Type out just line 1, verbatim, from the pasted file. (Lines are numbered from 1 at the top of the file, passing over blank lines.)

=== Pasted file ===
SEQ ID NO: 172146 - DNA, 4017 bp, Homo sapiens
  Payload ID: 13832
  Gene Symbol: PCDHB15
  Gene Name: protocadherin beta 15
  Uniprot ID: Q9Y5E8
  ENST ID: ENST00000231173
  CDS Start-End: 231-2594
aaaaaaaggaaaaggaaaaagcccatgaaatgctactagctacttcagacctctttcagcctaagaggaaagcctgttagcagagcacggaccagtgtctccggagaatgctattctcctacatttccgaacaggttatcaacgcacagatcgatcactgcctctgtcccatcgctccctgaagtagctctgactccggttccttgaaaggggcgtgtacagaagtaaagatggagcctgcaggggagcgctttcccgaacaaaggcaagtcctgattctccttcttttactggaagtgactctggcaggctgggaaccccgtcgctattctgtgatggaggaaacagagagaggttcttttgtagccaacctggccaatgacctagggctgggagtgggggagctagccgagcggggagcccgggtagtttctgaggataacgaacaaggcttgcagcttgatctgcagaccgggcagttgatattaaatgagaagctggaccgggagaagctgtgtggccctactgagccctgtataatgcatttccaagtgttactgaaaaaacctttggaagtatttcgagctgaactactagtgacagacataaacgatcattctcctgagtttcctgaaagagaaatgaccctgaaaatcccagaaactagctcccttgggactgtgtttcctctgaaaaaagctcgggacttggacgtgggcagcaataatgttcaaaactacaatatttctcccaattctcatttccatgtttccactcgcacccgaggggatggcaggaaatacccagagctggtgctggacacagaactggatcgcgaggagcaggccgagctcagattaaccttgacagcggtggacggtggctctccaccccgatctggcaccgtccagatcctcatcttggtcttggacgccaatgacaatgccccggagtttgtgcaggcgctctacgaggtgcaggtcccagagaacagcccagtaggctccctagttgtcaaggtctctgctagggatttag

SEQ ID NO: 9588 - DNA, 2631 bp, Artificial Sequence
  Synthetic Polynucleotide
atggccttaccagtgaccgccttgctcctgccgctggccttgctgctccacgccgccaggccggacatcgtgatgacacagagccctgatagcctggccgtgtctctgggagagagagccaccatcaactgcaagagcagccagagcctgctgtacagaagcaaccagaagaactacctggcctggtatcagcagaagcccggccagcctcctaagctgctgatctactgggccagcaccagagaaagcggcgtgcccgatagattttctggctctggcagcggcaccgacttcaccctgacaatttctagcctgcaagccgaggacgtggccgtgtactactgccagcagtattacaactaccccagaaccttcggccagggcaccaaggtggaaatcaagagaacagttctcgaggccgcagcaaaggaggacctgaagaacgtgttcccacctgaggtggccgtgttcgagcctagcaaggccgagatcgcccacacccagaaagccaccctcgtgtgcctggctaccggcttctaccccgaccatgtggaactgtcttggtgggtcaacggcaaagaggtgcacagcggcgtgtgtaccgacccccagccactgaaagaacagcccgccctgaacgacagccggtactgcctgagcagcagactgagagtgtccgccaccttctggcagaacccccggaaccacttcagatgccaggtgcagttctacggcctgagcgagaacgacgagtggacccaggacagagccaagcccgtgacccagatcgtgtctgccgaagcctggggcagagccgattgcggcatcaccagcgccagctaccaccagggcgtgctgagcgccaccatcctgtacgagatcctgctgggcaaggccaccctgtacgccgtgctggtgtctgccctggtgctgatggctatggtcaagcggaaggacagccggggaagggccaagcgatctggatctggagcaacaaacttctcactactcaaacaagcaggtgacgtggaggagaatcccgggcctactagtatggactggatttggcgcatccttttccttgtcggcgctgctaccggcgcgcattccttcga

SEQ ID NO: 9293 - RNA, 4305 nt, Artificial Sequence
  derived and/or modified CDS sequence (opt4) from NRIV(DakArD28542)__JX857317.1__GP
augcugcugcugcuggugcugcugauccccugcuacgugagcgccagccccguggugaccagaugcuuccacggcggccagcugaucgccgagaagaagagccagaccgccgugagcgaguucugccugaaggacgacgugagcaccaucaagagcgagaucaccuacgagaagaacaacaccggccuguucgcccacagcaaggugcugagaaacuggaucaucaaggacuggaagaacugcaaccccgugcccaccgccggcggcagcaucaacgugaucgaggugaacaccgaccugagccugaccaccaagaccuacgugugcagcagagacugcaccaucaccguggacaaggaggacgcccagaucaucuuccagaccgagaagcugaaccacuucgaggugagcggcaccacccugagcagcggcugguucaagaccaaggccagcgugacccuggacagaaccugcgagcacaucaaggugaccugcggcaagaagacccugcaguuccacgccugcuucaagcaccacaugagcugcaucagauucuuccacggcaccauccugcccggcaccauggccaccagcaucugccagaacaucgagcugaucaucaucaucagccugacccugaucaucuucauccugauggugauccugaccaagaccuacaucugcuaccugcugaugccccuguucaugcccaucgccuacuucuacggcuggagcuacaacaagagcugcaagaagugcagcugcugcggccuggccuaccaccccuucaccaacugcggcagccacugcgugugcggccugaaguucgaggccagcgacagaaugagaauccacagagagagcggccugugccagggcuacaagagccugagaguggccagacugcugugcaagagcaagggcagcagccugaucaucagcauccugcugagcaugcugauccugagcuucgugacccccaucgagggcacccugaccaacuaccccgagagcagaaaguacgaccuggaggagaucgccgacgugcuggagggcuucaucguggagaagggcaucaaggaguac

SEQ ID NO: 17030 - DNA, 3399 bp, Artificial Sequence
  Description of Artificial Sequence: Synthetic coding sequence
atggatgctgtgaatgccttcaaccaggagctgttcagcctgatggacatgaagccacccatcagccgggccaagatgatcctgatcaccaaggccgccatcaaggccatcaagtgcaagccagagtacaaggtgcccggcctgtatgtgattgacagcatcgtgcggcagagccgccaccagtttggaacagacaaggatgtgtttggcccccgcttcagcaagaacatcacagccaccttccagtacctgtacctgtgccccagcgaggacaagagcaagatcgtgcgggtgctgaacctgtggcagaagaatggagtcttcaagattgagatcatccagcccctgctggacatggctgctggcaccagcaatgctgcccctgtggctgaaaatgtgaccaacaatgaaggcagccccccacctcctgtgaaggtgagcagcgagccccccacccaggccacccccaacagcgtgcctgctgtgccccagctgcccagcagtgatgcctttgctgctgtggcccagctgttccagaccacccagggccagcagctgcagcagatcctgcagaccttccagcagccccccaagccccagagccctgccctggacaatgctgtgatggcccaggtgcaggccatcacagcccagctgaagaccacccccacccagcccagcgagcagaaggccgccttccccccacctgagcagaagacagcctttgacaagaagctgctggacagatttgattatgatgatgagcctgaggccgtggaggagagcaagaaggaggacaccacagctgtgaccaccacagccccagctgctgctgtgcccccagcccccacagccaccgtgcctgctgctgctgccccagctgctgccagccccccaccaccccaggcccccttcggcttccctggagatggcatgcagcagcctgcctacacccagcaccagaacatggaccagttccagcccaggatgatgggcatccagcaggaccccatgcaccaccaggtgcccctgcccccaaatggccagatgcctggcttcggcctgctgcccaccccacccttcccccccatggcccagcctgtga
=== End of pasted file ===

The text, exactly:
SEQ ID NO: 172146 - DNA, 4017 bp, Homo sapiens